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21 ammonia, slime, organic materials, and other chemicals can reduce the effective level of chlorine. In addition, some of the chemicals formed whe n chlorine reacts with organic chemicals are toxic or carcinogenic. Objectives of the Study There are four primary objectives for the research, an d provided these objectives are successfully met, this work will provide a basis for the design and fabrication of a diffusion driven desalination facility of any size. The se objectives are 1. Develop a thermodynamic model for the DDD process to eva luate the potential for fresh water production for a variety of operating condit ions. 2. Fabricate a laboratory scale DDD diffusion tower, e xperimentally measure the thermal and mass transport properties, the evaporation rate and the associated energy consumption required to heat the feed water and pu mp water and air through the facility. Measurements will be made over a w ide range of operating conditions in order to find an optimum condition wher e fresh water production is maximized with low energy consumption. 3. Fabricate a laboratory scale DDD direct contact conde nser, experimentally measure the thermal and mass transport properties, the condensati on rate and the associated energy consumption required to condense the vapor and pump w ater and air through the facility. Measurements will be made over a w ide range of operating conditions in order to find an optimum condition wher e fresh water production is maximized with low energy consumption. 4. Develop a computational modeling tool that reliably simulat es the heat and mass transfer processes within a DDD facility. The developm ent of a dynamic modeling tool for the diffusion tower and direct contact condense r is required. The successful completion of this objective will allow the fresh wate r production rate of a specified DDD configuration to be predicted as well as provide design recommendations for specific applications. Scope of Work In order to meet the research objectives outlined, the f ollowing major tasks have been undertaken: 1. Develop and implement a computational model for the count ercurrent flow diffusion tower and the co-current and countercurrent flo w direct contact condenser with a packed bed.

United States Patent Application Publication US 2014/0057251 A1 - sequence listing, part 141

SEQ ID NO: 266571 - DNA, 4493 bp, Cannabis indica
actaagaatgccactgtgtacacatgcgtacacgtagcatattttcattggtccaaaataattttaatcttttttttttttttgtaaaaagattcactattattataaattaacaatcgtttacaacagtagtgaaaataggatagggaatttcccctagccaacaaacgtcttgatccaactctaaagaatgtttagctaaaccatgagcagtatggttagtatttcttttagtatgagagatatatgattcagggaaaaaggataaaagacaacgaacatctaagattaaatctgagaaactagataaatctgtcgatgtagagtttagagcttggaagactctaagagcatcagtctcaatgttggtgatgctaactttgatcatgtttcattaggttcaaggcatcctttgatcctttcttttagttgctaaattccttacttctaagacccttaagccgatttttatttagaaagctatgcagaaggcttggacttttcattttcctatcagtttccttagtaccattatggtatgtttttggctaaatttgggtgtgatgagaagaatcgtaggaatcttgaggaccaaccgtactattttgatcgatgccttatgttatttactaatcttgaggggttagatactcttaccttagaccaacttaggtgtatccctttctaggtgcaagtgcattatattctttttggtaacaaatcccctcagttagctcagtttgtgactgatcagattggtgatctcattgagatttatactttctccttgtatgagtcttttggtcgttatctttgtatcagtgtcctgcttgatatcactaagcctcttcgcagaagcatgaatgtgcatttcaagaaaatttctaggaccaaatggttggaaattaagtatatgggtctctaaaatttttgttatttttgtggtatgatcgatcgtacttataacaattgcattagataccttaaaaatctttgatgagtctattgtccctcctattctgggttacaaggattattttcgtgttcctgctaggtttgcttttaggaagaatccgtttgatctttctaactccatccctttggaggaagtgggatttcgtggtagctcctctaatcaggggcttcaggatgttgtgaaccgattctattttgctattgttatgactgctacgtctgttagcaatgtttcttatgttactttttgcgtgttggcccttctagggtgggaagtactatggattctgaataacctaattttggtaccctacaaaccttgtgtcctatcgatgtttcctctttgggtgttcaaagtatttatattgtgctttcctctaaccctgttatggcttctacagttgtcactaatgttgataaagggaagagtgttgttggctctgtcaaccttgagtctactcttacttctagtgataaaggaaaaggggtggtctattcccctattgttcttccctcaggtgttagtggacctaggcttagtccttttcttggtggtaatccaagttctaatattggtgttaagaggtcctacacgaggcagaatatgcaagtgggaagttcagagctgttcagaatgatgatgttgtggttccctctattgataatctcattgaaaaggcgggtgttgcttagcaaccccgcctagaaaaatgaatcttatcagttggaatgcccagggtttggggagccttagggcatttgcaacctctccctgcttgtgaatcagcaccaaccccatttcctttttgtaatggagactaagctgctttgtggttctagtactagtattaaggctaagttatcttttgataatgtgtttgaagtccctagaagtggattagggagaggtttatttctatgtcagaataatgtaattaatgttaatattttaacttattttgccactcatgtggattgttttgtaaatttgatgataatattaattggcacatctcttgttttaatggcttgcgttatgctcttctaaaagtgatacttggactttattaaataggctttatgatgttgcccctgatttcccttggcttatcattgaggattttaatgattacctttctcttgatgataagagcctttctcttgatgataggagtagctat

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22 2. Conduct experiments in the diffusion tower and direct co ntact condenser to validate or calibrate the computational model. 3. Conduct DDD experiments to compare the condensation effec tiveness of different condenser configurations. 4. Conduct a parametric investigation using the DDD computational model to investigate operating conditions that yield the minimum ener gy consumption and maximum fresh water production. 5. Conduct an economic analysis to assess the marketability of the DDD process. It is the ultimate goal of the research to assess the energy requirements and equipment specifications associated with fresh water pr oduction using the DDD process. Such an analysis will provide guidance as to the economic viability of the DDD process, and will provide guidance for the future design of large sca le plants. In order to accomplish this task, detailed and reliable modeling of th e heat and mass transport phenomena in the diffusion tower and direct contact c ondenser is required. Such modeling will provide detailed information on the size of th e required DDD facility components, energy requirements, flow rates and pumping r equirements. In what follows, the thermodynamic model of the diffusion tower, the lab-scale DDD experimental facility, the dynamic models for the diffusion tower and packed bed direct contact condensers, the parametric study and economic analysis of a DDD facility including one diffusion tower and one countercurrent flow direct co ntact condenser with packed bed will be presented.